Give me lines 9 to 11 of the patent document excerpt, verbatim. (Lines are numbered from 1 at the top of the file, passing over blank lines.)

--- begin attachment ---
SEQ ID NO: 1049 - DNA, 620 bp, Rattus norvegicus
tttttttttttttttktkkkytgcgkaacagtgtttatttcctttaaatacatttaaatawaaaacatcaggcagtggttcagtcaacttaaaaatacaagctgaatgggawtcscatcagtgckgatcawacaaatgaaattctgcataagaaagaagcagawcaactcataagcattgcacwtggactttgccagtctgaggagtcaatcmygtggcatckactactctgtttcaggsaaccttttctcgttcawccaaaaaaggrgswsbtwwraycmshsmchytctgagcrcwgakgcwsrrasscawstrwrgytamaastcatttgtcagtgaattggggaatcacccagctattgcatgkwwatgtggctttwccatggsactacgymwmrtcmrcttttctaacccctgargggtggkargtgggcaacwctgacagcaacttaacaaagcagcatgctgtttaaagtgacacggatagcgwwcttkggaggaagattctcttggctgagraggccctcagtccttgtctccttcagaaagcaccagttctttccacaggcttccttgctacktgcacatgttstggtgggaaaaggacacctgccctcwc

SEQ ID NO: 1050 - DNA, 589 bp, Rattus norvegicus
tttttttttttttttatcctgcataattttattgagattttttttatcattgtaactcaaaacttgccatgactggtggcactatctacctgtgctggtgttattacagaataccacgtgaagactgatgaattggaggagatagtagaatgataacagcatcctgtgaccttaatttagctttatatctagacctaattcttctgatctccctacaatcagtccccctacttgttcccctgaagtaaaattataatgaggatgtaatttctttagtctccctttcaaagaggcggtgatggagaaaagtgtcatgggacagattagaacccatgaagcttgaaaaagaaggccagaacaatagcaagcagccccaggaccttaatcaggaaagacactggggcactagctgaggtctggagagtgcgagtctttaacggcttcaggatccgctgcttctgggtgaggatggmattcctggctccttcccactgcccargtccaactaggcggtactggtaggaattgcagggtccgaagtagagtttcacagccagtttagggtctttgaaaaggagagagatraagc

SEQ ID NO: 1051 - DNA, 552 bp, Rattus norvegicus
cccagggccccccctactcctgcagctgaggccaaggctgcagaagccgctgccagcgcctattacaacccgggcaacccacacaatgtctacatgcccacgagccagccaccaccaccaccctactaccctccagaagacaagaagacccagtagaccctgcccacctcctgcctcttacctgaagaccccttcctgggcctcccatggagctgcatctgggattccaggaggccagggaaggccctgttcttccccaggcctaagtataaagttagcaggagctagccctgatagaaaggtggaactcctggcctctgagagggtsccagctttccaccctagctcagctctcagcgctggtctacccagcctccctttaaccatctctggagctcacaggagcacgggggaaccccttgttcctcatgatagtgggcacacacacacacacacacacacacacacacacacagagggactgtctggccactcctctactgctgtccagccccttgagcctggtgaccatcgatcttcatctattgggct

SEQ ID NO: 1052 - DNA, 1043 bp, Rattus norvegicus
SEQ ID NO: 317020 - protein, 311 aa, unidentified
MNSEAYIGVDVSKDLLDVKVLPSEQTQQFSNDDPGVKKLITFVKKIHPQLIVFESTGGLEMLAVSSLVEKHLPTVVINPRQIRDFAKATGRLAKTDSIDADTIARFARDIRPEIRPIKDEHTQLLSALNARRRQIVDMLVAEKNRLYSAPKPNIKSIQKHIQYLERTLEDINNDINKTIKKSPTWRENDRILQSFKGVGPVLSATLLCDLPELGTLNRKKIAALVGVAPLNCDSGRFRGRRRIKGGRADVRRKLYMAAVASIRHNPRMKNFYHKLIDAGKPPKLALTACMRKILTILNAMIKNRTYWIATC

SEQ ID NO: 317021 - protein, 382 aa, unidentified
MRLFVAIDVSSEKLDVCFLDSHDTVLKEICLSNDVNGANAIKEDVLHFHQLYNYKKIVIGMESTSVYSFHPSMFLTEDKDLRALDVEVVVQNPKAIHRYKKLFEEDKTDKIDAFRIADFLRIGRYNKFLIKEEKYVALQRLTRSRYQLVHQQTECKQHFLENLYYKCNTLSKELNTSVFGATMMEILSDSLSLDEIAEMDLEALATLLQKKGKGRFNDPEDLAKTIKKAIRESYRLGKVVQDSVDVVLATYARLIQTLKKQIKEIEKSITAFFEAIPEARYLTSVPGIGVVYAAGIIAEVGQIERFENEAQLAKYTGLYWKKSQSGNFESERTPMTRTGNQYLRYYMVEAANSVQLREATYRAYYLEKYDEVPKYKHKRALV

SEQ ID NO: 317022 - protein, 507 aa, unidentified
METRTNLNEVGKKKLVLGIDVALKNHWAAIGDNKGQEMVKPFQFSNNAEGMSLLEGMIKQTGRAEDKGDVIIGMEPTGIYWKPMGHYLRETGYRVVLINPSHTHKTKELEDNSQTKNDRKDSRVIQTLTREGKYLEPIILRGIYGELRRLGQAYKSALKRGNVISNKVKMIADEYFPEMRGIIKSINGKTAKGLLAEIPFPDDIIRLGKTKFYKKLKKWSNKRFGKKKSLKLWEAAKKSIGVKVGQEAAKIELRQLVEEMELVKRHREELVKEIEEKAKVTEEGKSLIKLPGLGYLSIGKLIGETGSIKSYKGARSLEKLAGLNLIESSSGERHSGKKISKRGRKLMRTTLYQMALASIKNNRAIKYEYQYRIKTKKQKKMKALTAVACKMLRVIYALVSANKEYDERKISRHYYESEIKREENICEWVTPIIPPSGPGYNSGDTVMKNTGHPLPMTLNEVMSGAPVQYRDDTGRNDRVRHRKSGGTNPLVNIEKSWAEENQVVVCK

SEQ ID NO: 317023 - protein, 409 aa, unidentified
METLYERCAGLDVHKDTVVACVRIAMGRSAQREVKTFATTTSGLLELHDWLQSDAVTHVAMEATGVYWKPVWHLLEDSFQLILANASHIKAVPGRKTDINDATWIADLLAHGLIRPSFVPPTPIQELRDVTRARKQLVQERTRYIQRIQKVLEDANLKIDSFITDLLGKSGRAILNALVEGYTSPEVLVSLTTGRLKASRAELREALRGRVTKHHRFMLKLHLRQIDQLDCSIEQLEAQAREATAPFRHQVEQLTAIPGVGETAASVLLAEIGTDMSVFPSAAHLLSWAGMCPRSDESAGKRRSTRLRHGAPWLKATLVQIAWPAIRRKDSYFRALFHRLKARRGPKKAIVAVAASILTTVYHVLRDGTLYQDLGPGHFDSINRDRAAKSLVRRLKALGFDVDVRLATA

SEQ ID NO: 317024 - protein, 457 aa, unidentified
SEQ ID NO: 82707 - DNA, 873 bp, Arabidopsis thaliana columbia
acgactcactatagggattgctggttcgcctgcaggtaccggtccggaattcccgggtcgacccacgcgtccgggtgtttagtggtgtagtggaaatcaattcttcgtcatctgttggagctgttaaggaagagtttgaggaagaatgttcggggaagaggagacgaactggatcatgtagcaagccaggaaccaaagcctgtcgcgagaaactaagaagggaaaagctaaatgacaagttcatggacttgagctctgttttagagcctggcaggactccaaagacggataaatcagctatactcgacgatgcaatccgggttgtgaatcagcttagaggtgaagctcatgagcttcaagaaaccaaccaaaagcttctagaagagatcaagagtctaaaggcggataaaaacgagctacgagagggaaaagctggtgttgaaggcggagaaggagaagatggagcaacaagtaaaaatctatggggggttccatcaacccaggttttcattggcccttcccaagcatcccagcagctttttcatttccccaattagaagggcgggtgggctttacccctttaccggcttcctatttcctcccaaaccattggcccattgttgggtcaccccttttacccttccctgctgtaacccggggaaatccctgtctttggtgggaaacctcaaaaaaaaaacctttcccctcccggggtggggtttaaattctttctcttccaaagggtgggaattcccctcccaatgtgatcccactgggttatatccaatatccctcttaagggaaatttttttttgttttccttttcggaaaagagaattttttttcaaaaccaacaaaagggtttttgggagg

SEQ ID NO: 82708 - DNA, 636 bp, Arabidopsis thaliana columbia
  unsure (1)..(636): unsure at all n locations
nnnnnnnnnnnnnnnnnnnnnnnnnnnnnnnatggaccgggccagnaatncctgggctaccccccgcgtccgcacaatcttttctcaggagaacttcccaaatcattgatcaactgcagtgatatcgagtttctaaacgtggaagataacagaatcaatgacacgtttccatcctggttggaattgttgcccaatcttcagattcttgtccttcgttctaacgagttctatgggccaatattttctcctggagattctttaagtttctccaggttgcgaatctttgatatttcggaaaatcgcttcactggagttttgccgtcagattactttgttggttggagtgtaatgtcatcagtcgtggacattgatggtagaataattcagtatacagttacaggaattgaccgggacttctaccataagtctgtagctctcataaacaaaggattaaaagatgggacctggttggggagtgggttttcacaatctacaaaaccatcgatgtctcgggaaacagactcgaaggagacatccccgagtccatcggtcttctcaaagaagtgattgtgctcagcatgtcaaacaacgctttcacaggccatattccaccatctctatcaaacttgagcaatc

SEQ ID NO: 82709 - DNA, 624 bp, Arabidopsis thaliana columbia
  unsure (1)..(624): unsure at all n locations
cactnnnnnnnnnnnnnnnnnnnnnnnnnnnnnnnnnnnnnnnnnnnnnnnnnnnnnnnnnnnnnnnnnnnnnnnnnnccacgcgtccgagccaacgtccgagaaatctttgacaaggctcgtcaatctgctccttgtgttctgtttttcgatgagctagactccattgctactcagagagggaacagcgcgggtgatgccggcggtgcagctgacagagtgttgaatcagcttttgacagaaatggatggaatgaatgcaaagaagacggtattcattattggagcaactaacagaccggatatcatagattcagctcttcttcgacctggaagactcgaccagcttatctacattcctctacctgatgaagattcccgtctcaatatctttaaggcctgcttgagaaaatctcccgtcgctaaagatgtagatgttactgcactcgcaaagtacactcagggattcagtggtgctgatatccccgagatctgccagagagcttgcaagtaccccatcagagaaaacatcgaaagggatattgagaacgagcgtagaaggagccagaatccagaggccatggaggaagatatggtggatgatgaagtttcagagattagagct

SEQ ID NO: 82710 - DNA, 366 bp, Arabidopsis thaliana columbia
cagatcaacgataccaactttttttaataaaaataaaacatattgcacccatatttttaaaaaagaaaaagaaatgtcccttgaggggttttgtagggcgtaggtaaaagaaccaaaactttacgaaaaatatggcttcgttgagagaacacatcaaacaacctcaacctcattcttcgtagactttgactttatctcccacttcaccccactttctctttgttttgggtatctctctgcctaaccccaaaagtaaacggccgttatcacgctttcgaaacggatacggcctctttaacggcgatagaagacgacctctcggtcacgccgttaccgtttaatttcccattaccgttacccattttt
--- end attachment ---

MNSEAYIGVDVSKDLLDVKVLPSEQTQQFSNDDPGVKKLITFVKKIHPQLIVFESTGGLEMLAVSSLVEKHLPTVVINPRQIRDFAKATGRLAKTDSIDADTIARFARDIRPEIRPIKDEHTQLLSALNARRRQIVDMLVAEKNRLYSAPKPNIKSIQKHIQYLERTLEDINNDINKTIKKSPTWRENDRILQSFKGVGPVLSATLLCDLPELGTLNRKKIAALVGVAPLNCDSGRFRGRRRIKGGRADVRRKLYMAAVASIRHNPRMKNFYHKLIDAGKPPKLALTACMRKILTILNAMIKNRTYWIATC

SEQ ID NO: 317021 - protein, 382 aa, unidentified
MRLFVAIDVSSEKLDVCFLDSHDTVLKEICLSNDVNGANAIKEDVLHFHQLYNYKKIVIGMESTSVYSFHPSMFLTEDKDLRALDVEVVVQNPKAIHRYKKLFEEDKTDKIDAFRIADFLRIGRYNKFLIKEEKYVALQRLTRSRYQLVHQQTECKQHFLENLYYKCNTLSKELNTSVFGATMMEILSDSLSLDEIAEMDLEALATLLQKKGKGRFNDPEDLAKTIKKAIRESYRLGKVVQDSVDVVLATYARLIQTLKKQIKEIEKSITAFFEAIPEARYLTSVPGIGVVYAAGIIAEVGQIERFENEAQLAKYTGLYWKKSQSGNFESERTPMTRTGNQYLRYYMVEAANSVQLREATYRAYYLEKYDEVPKYKHKRALV